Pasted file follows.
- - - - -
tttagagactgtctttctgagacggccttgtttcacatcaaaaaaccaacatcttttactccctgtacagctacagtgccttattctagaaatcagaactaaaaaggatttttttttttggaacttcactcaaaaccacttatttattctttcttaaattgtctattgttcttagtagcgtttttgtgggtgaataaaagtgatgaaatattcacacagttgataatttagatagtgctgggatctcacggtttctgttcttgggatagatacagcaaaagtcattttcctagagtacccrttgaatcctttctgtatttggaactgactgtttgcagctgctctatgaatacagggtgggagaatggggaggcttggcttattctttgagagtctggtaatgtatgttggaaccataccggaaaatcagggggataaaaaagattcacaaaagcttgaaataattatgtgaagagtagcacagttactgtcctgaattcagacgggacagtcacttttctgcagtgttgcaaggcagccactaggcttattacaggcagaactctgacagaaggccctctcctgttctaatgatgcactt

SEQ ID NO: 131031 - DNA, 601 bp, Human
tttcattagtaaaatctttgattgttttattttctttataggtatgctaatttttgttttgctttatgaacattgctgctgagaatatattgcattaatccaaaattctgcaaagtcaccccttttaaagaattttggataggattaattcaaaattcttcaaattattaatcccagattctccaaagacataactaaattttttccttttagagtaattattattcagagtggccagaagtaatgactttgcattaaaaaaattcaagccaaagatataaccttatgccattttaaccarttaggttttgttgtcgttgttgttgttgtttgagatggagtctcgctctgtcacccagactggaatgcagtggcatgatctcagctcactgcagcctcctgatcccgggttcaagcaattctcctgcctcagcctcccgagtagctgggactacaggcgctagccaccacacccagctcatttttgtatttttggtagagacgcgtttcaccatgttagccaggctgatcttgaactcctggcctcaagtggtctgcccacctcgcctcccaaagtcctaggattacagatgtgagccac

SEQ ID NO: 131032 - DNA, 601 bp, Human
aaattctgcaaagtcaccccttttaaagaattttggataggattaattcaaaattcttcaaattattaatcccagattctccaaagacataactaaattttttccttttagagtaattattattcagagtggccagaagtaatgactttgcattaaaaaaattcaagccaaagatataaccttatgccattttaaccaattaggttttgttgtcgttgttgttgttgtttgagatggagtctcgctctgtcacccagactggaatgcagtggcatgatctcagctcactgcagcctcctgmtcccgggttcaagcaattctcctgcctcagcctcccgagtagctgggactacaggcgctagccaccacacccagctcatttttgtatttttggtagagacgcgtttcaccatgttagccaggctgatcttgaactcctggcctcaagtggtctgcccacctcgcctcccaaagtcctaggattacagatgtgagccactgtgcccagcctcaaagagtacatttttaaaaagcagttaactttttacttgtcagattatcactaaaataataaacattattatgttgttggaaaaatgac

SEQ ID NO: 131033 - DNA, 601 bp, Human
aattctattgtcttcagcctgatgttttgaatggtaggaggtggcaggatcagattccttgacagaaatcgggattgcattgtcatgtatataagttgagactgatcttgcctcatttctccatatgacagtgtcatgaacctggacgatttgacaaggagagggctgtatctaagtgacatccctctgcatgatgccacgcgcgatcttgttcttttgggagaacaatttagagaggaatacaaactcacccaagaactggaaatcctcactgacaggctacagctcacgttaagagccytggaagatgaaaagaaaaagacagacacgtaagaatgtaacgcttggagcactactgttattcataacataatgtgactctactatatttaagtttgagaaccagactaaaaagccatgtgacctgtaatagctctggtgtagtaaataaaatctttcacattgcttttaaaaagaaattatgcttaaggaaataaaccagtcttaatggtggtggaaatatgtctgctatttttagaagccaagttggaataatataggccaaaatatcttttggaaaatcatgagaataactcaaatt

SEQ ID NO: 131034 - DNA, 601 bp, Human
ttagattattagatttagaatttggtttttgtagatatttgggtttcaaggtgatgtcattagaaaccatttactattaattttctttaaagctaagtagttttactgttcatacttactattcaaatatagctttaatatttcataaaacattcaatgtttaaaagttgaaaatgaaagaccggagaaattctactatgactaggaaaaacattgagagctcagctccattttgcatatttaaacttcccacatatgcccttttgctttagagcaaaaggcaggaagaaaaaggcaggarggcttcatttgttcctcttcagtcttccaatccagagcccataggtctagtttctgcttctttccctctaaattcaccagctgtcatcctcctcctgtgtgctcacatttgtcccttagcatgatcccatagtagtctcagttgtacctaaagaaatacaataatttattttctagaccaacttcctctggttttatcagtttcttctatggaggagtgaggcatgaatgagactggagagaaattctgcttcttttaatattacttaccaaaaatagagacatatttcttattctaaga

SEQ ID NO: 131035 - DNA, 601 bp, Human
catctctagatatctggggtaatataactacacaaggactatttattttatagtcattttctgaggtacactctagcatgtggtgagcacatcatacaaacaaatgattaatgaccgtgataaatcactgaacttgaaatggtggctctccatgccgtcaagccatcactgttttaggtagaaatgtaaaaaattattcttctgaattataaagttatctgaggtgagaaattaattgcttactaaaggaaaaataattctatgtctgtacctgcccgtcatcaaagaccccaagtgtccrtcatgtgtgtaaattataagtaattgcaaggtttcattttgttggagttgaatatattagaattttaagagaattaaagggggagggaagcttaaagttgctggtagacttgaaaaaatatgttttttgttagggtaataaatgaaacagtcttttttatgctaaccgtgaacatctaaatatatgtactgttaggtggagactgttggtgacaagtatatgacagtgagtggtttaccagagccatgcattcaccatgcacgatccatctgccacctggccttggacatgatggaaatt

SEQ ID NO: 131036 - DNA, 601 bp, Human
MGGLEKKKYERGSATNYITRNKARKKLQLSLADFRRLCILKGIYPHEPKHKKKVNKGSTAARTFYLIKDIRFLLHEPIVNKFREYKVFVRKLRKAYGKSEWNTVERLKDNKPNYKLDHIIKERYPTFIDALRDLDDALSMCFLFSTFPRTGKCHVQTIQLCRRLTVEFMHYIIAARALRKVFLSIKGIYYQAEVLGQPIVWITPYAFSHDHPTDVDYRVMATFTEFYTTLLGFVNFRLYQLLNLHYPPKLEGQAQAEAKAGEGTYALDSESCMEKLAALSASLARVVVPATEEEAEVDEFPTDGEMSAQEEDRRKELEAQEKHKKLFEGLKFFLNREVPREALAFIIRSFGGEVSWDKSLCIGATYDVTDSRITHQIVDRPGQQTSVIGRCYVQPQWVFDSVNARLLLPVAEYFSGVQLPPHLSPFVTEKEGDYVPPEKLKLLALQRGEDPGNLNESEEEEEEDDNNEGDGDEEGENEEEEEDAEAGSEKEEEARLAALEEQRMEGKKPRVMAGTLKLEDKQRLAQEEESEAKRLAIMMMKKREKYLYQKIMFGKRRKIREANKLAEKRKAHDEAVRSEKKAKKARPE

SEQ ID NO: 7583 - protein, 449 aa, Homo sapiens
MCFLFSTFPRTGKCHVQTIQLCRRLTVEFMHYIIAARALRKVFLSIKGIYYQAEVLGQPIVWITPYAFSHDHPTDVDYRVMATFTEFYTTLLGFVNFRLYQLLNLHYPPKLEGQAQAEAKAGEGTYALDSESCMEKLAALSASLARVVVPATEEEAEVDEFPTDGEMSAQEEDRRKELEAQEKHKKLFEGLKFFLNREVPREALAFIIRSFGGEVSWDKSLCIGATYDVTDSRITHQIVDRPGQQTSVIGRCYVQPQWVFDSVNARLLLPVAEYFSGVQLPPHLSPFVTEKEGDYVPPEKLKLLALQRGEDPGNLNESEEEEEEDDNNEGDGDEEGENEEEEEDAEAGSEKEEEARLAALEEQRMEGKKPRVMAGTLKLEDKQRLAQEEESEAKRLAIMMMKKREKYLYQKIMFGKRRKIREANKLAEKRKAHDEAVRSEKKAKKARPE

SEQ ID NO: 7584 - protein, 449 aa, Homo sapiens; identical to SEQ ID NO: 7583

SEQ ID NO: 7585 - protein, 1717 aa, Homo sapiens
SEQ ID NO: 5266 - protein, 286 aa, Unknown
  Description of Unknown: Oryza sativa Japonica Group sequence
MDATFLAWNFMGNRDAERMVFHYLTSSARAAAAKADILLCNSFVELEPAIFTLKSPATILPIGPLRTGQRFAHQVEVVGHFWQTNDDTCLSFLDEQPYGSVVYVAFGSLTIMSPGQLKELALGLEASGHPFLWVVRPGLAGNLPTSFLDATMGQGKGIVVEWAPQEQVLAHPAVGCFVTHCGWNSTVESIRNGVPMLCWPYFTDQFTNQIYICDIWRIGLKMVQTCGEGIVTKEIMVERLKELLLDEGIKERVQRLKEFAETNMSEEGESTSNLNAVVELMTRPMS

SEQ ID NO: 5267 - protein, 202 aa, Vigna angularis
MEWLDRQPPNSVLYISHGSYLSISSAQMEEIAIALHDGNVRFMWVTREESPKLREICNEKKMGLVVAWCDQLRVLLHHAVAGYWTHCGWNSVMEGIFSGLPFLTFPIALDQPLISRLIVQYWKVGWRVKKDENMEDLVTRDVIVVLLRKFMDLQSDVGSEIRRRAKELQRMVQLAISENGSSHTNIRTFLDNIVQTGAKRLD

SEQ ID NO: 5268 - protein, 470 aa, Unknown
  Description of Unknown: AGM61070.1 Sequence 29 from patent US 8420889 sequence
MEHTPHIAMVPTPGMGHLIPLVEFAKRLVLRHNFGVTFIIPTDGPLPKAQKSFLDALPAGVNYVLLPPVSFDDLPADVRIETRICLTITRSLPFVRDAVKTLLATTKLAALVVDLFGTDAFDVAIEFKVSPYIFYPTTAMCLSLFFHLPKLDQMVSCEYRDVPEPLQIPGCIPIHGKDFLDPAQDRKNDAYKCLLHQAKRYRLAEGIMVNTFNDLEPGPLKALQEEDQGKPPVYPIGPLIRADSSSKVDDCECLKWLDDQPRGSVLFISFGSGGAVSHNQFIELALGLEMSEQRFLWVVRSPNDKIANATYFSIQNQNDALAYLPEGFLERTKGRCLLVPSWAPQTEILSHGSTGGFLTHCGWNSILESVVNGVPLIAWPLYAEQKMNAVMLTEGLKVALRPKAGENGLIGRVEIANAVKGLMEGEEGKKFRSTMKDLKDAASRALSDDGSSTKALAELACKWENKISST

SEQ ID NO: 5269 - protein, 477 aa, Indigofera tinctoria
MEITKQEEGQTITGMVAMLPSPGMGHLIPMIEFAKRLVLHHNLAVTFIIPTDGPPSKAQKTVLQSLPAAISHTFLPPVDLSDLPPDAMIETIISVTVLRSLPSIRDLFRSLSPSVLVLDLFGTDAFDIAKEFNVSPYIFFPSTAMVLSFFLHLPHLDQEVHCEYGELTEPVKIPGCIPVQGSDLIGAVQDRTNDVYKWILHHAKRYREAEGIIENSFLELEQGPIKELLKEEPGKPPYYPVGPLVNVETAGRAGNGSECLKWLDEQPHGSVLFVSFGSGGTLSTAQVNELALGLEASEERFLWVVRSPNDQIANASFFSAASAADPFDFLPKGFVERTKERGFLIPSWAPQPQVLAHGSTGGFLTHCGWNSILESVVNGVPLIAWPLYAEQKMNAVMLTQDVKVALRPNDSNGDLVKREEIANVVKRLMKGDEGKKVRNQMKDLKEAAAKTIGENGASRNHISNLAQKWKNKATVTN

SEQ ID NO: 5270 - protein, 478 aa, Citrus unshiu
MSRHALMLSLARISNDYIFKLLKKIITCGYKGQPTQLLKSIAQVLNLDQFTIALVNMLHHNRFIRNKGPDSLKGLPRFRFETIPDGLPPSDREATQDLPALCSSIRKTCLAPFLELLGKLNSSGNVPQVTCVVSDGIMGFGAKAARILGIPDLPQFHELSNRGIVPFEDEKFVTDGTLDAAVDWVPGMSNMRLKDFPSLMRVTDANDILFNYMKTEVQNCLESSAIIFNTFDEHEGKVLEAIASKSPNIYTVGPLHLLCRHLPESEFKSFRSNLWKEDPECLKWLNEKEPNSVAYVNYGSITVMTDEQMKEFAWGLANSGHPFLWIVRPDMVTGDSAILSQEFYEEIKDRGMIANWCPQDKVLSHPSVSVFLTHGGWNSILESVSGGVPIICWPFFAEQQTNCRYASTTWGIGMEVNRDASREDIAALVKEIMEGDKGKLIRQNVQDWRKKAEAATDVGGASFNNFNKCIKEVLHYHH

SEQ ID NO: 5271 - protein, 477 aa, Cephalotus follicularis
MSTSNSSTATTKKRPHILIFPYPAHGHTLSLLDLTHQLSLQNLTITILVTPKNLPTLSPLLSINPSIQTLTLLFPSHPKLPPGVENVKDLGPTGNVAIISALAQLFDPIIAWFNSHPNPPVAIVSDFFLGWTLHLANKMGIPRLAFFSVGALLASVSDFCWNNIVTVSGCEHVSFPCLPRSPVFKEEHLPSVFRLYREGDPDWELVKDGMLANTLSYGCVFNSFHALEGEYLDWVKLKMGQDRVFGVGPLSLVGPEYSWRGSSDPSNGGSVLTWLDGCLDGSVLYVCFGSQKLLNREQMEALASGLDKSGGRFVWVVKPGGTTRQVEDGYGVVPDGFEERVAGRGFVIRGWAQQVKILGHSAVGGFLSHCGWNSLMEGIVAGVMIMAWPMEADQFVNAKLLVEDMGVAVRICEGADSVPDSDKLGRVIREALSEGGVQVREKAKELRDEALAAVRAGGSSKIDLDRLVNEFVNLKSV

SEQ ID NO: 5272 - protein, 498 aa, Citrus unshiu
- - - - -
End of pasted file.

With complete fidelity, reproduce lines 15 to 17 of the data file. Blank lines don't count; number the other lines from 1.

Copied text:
MCFLFSTFPRTGKCHVQTIQLCRRLTVEFMHYIIAARALRKVFLSIKGIYYQAEVLGQPIVWITPYAFSHDHPTDVDYRVMATFTEFYTTLLGFVNFRLYQLLNLHYPPKLEGQAQAEAKAGEGTYALDSESCMEKLAALSASLARVVVPATEEEAEVDEFPTDGEMSAQEEDRRKELEAQEKHKKLFEGLKFFLNREVPREALAFIIRSFGGEVSWDKSLCIGATYDVTDSRITHQIVDRPGQQTSVIGRCYVQPQWVFDSVNARLLLPVAEYFSGVQLPPHLSPFVTEKEGDYVPPEKLKLLALQRGEDPGNLNESEEEEEEDDNNEGDGDEEGENEEEEEDAEAGSEKEEEARLAALEEQRMEGKKPRVMAGTLKLEDKQRLAQEEESEAKRLAIMMMKKREKYLYQKIMFGKRRKIREANKLAEKRKAHDEAVRSEKKAKKARPE

SEQ ID NO: 7584 - protein, 449 aa, Homo sapiens; identical to SEQ ID NO: 7583

SEQ ID NO: 7585 - protein, 1717 aa, Homo sapiens